How To Clean a Pizza Stone

How To Clean a Pizza Stone Featured Photo

It’s typical for most home ovens to have low maximum temperatures, making it hard to achieve a better crust. A pizza stone can trick any home oven into working like your favorite pizzeria’s brick oven.

They are a simple addition to your baking arsenal. But, they play a crucial role in producing uniformly cooked pies and they do so in no time.

Pizza stones evenly absorb heat from your oven, providing the ideal cooking temperature for your dough. Their porous surface pulls moisture from the dough while baking, which will give you a crisper pizza crust than a regular baking sheet does.

However, caring for these tools may require some knowledge—no, seriously.

They may be tough and heavy, but they actually go into a fragile mode when exposed to sudden temperature changes. Not only that, but pizza stones are often made from a porous material such as cast iron, ceramic, or unglazed clay. This means that anything you use to clean it will soak it up, altering the flavor of your food.

The cardinal rule to properly clean and care for your pizza stone is to never use soap and water. Again, these stones are porous in nature. Their small pores and crevices make it act like a sponge, absorbing anything that comes in contact with them (well, unless you want that soapy pizza flavor!)

So, you might be wondering, how to clean a pizza stone sans the soap and water.

The good news is that you almost don’t have to clean it. Since they can withstand super high temperatures, the heat will just kill off bacteria.

However, although not having to clean your stone spares you from dealing with the aftermath of cooking, you should probably give your stone a good cleaning after use. I’ll show you how!

Things You’ll Need

Remember what I said earlier? Pizza stones are porous in nature, whether it’s crafted from ceramic or cast iron. They will absorb anything that comes into contact with their surface. But their tiny pores and crevices actually serve a purpose.

When you’re cooking or heating pizza, the stone absorbs moisture from the dough, resulting in a crispier crust that we all love. Without the moisture that’s trapped in the stone, it will not crisp up the crust.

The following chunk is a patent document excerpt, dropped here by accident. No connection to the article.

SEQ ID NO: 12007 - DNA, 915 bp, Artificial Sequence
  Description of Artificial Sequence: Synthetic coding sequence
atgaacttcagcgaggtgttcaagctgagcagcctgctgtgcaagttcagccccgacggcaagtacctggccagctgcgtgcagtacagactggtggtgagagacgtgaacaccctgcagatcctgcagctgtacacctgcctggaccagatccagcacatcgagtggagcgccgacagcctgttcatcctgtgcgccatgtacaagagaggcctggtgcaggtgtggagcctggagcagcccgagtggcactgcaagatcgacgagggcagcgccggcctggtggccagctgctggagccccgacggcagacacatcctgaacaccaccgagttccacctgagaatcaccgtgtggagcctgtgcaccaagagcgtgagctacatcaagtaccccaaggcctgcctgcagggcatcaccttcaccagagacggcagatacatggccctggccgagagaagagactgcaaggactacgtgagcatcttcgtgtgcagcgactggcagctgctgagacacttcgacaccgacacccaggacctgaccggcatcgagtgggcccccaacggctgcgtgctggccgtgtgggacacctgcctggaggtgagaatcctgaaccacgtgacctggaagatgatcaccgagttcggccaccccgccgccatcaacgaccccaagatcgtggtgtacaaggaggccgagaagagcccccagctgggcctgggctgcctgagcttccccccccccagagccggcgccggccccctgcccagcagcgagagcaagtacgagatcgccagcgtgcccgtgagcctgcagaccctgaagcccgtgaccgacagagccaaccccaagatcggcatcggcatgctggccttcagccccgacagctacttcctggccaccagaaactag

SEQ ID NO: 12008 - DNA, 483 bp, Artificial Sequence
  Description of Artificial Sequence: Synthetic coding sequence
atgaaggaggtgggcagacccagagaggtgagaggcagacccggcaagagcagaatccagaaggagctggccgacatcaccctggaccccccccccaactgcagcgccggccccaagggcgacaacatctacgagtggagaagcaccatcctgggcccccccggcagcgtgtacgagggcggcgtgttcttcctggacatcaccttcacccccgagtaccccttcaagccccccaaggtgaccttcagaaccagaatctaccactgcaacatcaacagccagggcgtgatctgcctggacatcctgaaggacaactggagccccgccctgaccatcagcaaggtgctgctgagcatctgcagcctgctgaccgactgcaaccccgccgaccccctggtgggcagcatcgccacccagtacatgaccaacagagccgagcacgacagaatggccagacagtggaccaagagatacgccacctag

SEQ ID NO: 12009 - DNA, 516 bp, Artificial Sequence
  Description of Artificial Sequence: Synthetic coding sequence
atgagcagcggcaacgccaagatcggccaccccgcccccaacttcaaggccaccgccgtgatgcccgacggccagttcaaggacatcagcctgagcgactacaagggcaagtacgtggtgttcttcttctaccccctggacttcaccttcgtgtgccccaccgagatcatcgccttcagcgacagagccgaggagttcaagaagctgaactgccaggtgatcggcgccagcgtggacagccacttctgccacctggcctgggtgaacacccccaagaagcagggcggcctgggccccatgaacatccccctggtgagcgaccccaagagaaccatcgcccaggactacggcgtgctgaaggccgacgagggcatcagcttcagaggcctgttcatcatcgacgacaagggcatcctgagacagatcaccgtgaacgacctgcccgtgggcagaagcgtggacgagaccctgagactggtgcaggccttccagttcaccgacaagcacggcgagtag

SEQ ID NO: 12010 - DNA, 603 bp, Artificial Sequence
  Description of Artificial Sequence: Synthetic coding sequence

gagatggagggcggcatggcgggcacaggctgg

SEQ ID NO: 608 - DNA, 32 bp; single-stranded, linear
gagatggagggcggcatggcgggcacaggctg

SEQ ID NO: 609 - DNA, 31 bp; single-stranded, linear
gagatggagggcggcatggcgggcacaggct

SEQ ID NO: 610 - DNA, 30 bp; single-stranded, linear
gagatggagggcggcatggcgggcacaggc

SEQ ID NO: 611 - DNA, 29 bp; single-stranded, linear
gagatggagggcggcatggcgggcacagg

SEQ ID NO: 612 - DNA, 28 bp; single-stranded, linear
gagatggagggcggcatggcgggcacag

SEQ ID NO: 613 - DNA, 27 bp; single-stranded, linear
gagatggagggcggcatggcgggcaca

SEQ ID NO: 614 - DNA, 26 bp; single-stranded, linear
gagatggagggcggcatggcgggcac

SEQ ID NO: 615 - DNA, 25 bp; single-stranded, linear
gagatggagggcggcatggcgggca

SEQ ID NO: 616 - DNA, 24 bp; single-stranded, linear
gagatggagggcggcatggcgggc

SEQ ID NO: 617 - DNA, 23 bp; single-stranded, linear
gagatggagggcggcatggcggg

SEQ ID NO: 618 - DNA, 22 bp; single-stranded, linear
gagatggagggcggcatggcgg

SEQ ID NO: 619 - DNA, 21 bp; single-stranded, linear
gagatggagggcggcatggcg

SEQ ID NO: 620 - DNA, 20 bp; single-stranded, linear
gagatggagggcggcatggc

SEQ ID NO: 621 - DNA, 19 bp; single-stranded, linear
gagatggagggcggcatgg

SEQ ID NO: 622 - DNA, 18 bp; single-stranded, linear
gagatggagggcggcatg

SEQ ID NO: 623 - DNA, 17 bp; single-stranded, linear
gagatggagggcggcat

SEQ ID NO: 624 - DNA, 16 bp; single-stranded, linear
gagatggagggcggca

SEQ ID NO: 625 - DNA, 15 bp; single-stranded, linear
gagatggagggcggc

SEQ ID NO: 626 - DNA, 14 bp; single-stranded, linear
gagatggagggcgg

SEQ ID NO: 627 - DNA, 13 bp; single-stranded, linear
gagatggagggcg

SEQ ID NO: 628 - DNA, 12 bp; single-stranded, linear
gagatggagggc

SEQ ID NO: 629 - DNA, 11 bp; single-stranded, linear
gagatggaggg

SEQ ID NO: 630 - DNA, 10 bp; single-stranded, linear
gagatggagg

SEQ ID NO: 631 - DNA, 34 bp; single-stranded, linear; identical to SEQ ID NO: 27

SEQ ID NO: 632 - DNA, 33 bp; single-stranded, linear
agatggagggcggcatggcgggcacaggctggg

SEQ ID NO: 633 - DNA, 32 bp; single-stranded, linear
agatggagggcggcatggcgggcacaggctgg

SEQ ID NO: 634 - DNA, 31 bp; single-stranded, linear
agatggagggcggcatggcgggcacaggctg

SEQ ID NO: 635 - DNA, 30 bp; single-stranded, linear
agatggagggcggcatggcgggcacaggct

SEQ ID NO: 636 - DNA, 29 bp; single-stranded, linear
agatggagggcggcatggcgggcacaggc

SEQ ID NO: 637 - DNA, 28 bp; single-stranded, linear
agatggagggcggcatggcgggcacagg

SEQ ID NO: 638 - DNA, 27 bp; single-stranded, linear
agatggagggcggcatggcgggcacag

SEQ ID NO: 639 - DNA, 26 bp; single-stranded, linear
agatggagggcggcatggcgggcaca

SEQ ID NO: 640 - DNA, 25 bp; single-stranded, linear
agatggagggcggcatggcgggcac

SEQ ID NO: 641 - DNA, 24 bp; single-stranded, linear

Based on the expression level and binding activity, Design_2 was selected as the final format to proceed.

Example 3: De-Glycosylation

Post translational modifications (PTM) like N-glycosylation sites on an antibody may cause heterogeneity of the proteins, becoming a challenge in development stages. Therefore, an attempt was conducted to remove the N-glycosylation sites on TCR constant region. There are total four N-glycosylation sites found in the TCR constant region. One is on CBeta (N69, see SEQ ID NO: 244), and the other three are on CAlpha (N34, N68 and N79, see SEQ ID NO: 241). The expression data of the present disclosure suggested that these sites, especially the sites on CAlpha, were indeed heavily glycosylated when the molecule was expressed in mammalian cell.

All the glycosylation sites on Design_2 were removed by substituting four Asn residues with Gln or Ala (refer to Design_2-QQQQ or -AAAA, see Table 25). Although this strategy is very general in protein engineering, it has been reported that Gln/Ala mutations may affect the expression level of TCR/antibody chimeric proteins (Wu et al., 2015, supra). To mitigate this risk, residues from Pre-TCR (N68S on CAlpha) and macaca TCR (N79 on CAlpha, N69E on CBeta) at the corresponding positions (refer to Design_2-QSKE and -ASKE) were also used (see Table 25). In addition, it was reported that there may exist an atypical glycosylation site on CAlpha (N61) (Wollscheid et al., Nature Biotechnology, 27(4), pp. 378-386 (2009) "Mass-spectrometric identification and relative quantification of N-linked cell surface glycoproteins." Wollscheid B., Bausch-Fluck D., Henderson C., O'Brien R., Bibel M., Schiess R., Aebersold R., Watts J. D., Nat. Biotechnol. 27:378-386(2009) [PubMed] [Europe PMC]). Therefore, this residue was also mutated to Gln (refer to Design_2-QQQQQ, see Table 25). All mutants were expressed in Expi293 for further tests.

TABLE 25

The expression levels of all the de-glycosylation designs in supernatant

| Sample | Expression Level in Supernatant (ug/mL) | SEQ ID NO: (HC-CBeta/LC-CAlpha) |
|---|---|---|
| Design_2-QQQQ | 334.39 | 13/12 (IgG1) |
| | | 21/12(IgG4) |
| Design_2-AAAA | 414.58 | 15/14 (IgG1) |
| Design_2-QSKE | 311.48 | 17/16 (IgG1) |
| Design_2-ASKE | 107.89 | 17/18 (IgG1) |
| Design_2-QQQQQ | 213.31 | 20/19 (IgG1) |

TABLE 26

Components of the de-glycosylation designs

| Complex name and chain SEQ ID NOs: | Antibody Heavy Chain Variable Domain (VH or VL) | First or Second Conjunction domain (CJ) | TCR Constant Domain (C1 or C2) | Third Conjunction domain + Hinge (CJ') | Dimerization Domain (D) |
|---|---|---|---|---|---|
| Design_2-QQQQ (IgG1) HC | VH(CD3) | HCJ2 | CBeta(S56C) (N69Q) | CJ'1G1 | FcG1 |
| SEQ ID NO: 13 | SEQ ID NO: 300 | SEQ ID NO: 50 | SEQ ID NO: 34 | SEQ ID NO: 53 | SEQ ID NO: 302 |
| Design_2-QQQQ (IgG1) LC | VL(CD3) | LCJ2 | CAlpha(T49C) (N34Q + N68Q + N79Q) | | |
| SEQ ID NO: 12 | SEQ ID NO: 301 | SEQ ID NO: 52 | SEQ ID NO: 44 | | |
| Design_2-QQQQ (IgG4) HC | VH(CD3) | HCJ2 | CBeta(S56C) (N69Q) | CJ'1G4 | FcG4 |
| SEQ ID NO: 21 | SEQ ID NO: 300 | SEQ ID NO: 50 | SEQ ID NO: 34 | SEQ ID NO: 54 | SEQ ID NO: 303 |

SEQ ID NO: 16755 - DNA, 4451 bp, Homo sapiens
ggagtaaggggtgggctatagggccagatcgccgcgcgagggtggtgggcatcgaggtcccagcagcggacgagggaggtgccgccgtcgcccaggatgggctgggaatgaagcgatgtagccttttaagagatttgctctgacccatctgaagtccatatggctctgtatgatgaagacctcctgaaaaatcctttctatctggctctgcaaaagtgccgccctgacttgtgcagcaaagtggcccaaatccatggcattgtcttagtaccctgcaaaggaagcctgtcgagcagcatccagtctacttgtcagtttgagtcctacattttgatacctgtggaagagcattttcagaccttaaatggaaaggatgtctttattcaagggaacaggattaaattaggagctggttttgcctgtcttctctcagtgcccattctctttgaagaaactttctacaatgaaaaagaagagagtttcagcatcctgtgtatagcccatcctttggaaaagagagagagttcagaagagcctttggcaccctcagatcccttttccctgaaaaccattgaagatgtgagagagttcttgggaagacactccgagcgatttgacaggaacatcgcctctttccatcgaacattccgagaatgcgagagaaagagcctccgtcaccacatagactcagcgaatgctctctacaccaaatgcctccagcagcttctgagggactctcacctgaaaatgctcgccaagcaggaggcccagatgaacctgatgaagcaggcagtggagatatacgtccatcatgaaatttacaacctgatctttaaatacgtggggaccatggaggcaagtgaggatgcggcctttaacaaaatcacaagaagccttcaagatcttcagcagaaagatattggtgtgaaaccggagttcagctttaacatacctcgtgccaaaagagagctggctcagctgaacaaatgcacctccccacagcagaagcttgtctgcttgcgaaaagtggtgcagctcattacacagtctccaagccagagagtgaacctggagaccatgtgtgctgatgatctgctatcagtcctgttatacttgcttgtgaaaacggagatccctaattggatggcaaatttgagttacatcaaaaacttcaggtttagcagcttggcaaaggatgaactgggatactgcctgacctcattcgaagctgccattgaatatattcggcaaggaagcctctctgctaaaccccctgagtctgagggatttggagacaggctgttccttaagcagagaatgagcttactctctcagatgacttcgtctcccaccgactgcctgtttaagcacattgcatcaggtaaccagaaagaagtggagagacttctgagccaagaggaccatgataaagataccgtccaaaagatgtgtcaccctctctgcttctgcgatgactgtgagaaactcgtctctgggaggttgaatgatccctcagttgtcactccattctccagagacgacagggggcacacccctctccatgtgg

However, when you clean it with soap and water and it absorbs the cleaning chemicals, the same thing happens, except that it just leaks a soapy flavor into your pizza. This is why cleaning your pizza stone with dish soap isn’t advisable.

To scrape away residual grime, you may start with a small and flat tool that you can easily slip through trapped food crumbs or anything gritty and lift them away.

Here’s a list of cleaning items that are good to have:

  • Bench scraper, and rubber or plastic spatula – for removing extremely tough gunk
  • Scouring pad, stone brush, nylon dish brush, or sandpaper – for scrubbing baked-on food
  • Baking soda – for cleaning stubborn burnt food and deodorizing the stone
  • Dishcloth – for wiping the stone clean

Keep in mind that some of these cleaning tools can still scratch your pizza stone. The safest option for me is making a baking soda paste since it deodorizes my stone as well. Obviously, you’ll need some water to make the paste. Make sure to use water sparingly.

If you can, stay away from a scraper unless you absolutely need to use it. When using sandpaper, go for medium-grit ones.

What Not To Use for Cleaning a Pizza Stone

When it comes to cleaning your pizza stone, you should avoid the following:

  • Dish soap – I know I’ve already said not to use soap, but I don’t mind repeating myself. Pizza stones develop a seasoning over time, making them nonstick. Not only can soap seep into the porous surface, but it can also strip the natural nonstick properties of your stone while adding a soapy flavor to your pizzas.
  • Oil – This is just not the right solution for lifting away stubborn food residue.